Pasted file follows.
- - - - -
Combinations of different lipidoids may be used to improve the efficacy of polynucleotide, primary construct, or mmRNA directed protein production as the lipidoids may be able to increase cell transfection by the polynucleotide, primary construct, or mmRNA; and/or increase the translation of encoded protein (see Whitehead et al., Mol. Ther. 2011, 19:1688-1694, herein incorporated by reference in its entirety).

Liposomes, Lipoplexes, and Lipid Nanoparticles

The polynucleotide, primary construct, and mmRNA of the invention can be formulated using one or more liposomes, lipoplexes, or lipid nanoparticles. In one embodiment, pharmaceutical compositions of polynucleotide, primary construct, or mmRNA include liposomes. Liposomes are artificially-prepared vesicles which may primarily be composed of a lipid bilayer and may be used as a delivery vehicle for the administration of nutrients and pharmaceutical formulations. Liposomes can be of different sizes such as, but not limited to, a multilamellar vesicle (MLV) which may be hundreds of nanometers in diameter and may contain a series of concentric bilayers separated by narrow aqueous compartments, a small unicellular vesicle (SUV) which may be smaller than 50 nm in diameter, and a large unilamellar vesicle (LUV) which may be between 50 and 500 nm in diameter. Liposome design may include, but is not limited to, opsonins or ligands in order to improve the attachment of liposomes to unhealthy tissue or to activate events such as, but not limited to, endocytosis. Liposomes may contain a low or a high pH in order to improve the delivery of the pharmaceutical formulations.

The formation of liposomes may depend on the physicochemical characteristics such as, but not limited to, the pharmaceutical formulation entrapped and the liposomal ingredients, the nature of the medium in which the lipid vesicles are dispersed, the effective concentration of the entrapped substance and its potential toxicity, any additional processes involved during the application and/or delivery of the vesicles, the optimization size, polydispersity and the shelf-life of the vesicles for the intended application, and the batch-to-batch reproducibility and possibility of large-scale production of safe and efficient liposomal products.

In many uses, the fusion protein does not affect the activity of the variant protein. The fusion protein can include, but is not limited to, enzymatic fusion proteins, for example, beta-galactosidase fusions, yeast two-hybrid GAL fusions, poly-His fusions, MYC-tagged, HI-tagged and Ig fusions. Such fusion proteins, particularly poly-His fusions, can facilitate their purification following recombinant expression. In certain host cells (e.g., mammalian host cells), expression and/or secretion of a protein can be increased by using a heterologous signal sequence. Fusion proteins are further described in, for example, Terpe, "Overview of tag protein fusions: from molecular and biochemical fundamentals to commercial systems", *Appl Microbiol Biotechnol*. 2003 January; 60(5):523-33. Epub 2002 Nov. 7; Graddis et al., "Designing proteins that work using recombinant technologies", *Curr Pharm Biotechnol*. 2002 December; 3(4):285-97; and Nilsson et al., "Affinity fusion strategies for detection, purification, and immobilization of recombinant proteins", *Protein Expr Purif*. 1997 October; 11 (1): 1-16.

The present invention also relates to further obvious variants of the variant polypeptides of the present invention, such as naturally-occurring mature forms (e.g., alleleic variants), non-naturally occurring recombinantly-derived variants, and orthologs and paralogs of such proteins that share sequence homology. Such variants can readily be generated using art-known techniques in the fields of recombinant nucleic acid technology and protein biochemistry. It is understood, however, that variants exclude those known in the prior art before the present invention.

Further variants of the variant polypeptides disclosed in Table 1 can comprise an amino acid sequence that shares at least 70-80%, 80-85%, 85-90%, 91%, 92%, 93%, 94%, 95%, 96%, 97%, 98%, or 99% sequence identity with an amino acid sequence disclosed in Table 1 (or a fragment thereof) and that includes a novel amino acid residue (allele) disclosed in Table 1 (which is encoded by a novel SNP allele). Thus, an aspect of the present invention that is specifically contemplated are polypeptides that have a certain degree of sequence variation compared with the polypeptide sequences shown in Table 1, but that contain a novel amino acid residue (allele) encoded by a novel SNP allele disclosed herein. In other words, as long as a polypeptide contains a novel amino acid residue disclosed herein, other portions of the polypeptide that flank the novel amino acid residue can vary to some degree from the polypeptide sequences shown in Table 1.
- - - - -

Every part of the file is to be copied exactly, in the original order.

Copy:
Combinations of different lipidoids may be used to improve the efficacy of polynucleotide, primary construct, or mmRNA directed protein production as the lipidoids may be able to increase cell transfection by the polynucleotide, primary construct, or mmRNA; and/or increase the translation of encoded protein (see Whitehead et al., Mol. Ther. 2011, 19:1688-1694, herein incorporated by reference in its entirety).

Liposomes, Lipoplexes, and Lipid Nanoparticles

The polynucleotide, primary construct, and mmRNA of the invention can be formulated using one or more liposomes, lipoplexes, or lipid nanoparticles. In one embodiment, pharmaceutical compositions of polynucleotide, primary construct, or mmRNA include liposomes. Liposomes are artificially-prepared vesicles which may primarily be composed of a lipid bilayer and may be used as a delivery vehicle for the administration of nutrients and pharmaceutical formulations. Liposomes can be of different sizes such as, but not limited to, a multilamellar vesicle (MLV) which may be hundreds of nanometers in diameter and may contain a series of concentric bilayers separated by narrow aqueous compartments, a small unicellular vesicle (SUV) which may be smaller than 50 nm in diameter, and a large unilamellar vesicle (LUV) which may be between 50 and 500 nm in diameter. Liposome design may include, but is not limited to, opsonins or ligands in order to improve the attachment of liposomes to unhealthy tissue or to activate events such as, but not limited to, endocytosis. Liposomes may contain a low or a high pH in order to improve the delivery of the pharmaceutical formulations.

The formation of liposomes may depend on the physicochemical characteristics such as, but not limited to, the pharmaceutical formulation entrapped and the liposomal ingredients, the nature of the medium in which the lipid vesicles are dispersed, the effective concentration of the entrapped substance and its potential toxicity, any additional processes involved during the application and/or delivery of the vesicles, the optimization size, polydispersity and the shelf-life of the vesicles for the intended application, and the batch-to-batch reproducibility and possibility of large-scale production of safe and efficient liposomal products.

In many uses, the fusion protein does not affect the activity of the variant protein. The fusion protein can include, but is not limited to, enzymatic fusion proteins, for example, beta-galactosidase fusions, yeast two-hybrid GAL fusions, poly-His fusions, MYC-tagged, HI-tagged and Ig fusions. Such fusion proteins, particularly poly-His fusions, can facilitate their purification following recombinant expression. In certain host cells (e.g., mammalian host cells), expression and/or secretion of a protein can be increased by using a heterologous signal sequence. Fusion proteins are further described in, for example, Terpe, "Overview of tag protein fusions: from molecular and biochemical fundamentals to commercial systems", *Appl Microbiol Biotechnol*. 2003 January; 60(5):523-33. Epub 2002 Nov. 7; Graddis et al., "Designing proteins that work using recombinant technologies", *Curr Pharm Biotechnol*. 2002 December; 3(4):285-97; and Nilsson et al., "Affinity fusion strategies for detection, purification, and immobilization of recombinant proteins", *Protein Expr Purif*. 1997 October; 11 (1): 1-16.

The present invention also relates to further obvious variants of the variant polypeptides of the present invention, such as naturally-occurring mature forms (e.g., alleleic variants), non-naturally occurring recombinantly-derived variants, and orthologs and paralogs of such proteins that share sequence homology. Such variants can readily be generated using art-known techniques in the fields of recombinant nucleic acid technology and protein biochemistry. It is understood, however, that variants exclude those known in the prior art before the present invention.

Further variants of the variant polypeptides disclosed in Table 1 can comprise an amino acid sequence that shares at least 70-80%, 80-85%, 85-90%, 91%, 92%, 93%, 94%, 95%, 96%, 97%, 98%, or 99% sequence identity with an amino acid sequence disclosed in Table 1 (or a fragment thereof) and that includes a novel amino acid residue (allele) disclosed in Table 1 (which is encoded by a novel SNP allele). Thus, an aspect of the present invention that is specifically contemplated are polypeptides that have a certain degree of sequence variation compared with the polypeptide sequences shown in Table 1, but that contain a novel amino acid residue (allele) encoded by a novel SNP allele disclosed herein. In other words, as long as a polypeptide contains a novel amino acid residue disclosed herein, other portions of the polypeptide that flank the novel amino acid residue can vary to some degree from the polypeptide sequences shown in Table 1.